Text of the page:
As thousands of scientists bundle up for AGU’s Fall Meeting 2022 in Chicago, we at Eos are reminded that “Science Leads the Future” and the future is science. This future, informed by the past and guided by the present, will be characterized by the contributions of individuals, communities, and coalitions with clear goals and practical benchmarks for achieving them.
The future of effectively monitoring permafrost in the Arctic has its roots in ice ages past, as illuminated by the unlikely friendship forged between an American scientist and Russian researcher in the 1990s. Learn more about Siberia, a mammoth named Willy, and post-Soviet friendships from Jenessa Duncombe in the latest edition of her series The Curve.
The predicted impact of greenhouse gas emissions hasn’t changed much in a century, John Aber and Scott V. Ollinger remind us in “Simpler Presentations of Climate Change.” They offer suggestions for clear, data-driven outlines to get the message across.
The Cold War fear of nuclear conflict has, unfortunately, resurfaced in the present. In “Geoscientists Can Help Reduce the Threat of Nuclear Weapons,” Alan Robock and Stewart C. Prager outline steps scientists can take to reduce the likelihood of such conflict. In the end, they believe, “the ultimate solution to the problem of nuclear weapons is to ban them globally.”
At the onset of the COVID-19 pandemic, aerosol scientists were the sentinels warning of the airborne quality of the virus. The way policymakers and the public responded to these researchers framed the world we live in today, and the one we are building for the future. Richard J. Sima’s “Indoor Air Pollution in the Time of Coronavirus” is a study in science, frustration, and, ultimately, hope.
An early diagnosis is also the hope of Matthieu Chartier’s “The Alarming Rise of Predatory Conferences.” Chartier offers suggestions to help the community secure a more trusted, transparent future.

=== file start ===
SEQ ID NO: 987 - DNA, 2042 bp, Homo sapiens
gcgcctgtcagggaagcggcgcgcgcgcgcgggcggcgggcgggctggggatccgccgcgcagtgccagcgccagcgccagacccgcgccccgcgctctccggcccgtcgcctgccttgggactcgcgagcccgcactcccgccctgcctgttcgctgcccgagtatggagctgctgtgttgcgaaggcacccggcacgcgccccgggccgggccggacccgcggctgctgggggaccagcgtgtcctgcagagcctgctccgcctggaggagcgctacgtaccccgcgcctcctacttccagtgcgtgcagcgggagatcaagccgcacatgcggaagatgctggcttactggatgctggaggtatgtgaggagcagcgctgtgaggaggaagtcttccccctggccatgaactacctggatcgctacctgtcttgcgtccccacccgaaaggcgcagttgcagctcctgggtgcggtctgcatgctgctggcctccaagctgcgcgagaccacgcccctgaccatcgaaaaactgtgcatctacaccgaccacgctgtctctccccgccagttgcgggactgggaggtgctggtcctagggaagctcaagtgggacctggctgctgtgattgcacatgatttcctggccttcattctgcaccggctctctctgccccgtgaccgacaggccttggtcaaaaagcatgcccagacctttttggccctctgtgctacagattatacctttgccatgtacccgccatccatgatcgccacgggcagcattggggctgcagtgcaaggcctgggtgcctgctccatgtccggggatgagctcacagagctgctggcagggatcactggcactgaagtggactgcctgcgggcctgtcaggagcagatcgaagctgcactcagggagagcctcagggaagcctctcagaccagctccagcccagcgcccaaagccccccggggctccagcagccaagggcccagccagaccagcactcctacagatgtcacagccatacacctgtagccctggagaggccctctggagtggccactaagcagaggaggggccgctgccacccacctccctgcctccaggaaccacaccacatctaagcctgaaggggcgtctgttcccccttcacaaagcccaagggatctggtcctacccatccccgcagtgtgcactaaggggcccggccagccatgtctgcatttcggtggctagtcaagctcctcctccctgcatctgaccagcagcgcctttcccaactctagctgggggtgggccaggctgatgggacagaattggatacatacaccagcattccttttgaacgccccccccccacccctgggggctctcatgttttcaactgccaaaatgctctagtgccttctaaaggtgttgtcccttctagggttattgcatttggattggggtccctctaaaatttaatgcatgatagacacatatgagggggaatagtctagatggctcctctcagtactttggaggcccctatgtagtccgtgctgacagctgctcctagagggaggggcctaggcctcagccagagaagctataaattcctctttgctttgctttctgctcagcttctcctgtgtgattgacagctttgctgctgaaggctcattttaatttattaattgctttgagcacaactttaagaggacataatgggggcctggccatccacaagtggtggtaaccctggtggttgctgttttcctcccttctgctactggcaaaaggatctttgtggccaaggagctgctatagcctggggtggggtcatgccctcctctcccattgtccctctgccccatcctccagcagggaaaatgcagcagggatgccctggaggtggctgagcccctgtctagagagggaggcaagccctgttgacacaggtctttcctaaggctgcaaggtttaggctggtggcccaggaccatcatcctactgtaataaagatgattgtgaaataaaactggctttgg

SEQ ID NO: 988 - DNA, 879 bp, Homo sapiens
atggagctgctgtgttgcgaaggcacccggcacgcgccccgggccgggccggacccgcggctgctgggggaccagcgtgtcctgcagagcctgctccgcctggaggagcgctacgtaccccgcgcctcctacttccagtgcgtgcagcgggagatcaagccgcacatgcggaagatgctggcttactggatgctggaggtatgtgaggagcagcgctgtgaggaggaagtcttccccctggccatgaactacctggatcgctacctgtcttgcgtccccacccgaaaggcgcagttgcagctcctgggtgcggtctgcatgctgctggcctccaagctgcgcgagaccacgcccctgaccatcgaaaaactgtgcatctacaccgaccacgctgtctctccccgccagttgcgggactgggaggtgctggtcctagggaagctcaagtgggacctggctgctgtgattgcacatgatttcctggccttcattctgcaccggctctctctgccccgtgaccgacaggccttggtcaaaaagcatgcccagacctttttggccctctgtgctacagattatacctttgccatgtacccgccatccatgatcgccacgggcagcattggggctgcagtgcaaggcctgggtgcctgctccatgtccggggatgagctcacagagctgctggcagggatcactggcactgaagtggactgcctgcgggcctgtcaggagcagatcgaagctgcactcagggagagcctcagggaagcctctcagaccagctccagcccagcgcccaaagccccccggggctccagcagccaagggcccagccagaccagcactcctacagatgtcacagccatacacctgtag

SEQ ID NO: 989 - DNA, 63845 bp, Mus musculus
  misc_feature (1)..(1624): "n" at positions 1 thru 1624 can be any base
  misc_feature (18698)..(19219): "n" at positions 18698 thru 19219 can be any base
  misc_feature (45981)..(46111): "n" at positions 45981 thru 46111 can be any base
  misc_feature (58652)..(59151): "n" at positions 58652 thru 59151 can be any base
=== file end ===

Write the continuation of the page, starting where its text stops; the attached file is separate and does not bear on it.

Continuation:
Grassroots organizations are acting today to redefine university boards in the future. In “Alumni Push Universities Forward on Climate,” Kimberly M. S. Cartier describes the efforts of Harvard Forward, Penn State Forward, and Yale Forward as these alumni groups organized to elect members to the powerful boards that decide how universities respond to climate change.
“Are We Entering the Golden Age of Climate Modeling?” asks Mark Betancourt in his analysis of exascale computing and the European Union’s Destination Earth project. Exascale supercomputers, capable of a quintillion (1018) operations per second, may revolutionize (resolution-ize?) the way scientists model and twin a diverse array of systems that contribute to Earth’s climate. The new models may also help communities develop adaptation and mitigation strategies.
Finally, a group of scientists encourages their peers to give “Credit Where Credit Is Due” in an opinion from Mark A. Parsons, Daniel S. Katz, Madison Langseth, Hampapuram Ramapriyan, and Sarah Ramdeen. The traditional protocols surrounding academic citation and credit are outdated, they argue, and what is needed instead is a “wider designation of credit everywhere it is due.”
From Arctic fungi to academic footnotes, change can be a slow process, but our community can implement some steps immediately. Science leads the future, and the future is now.
—Caryl-Sue Micalizio, Editor in Chief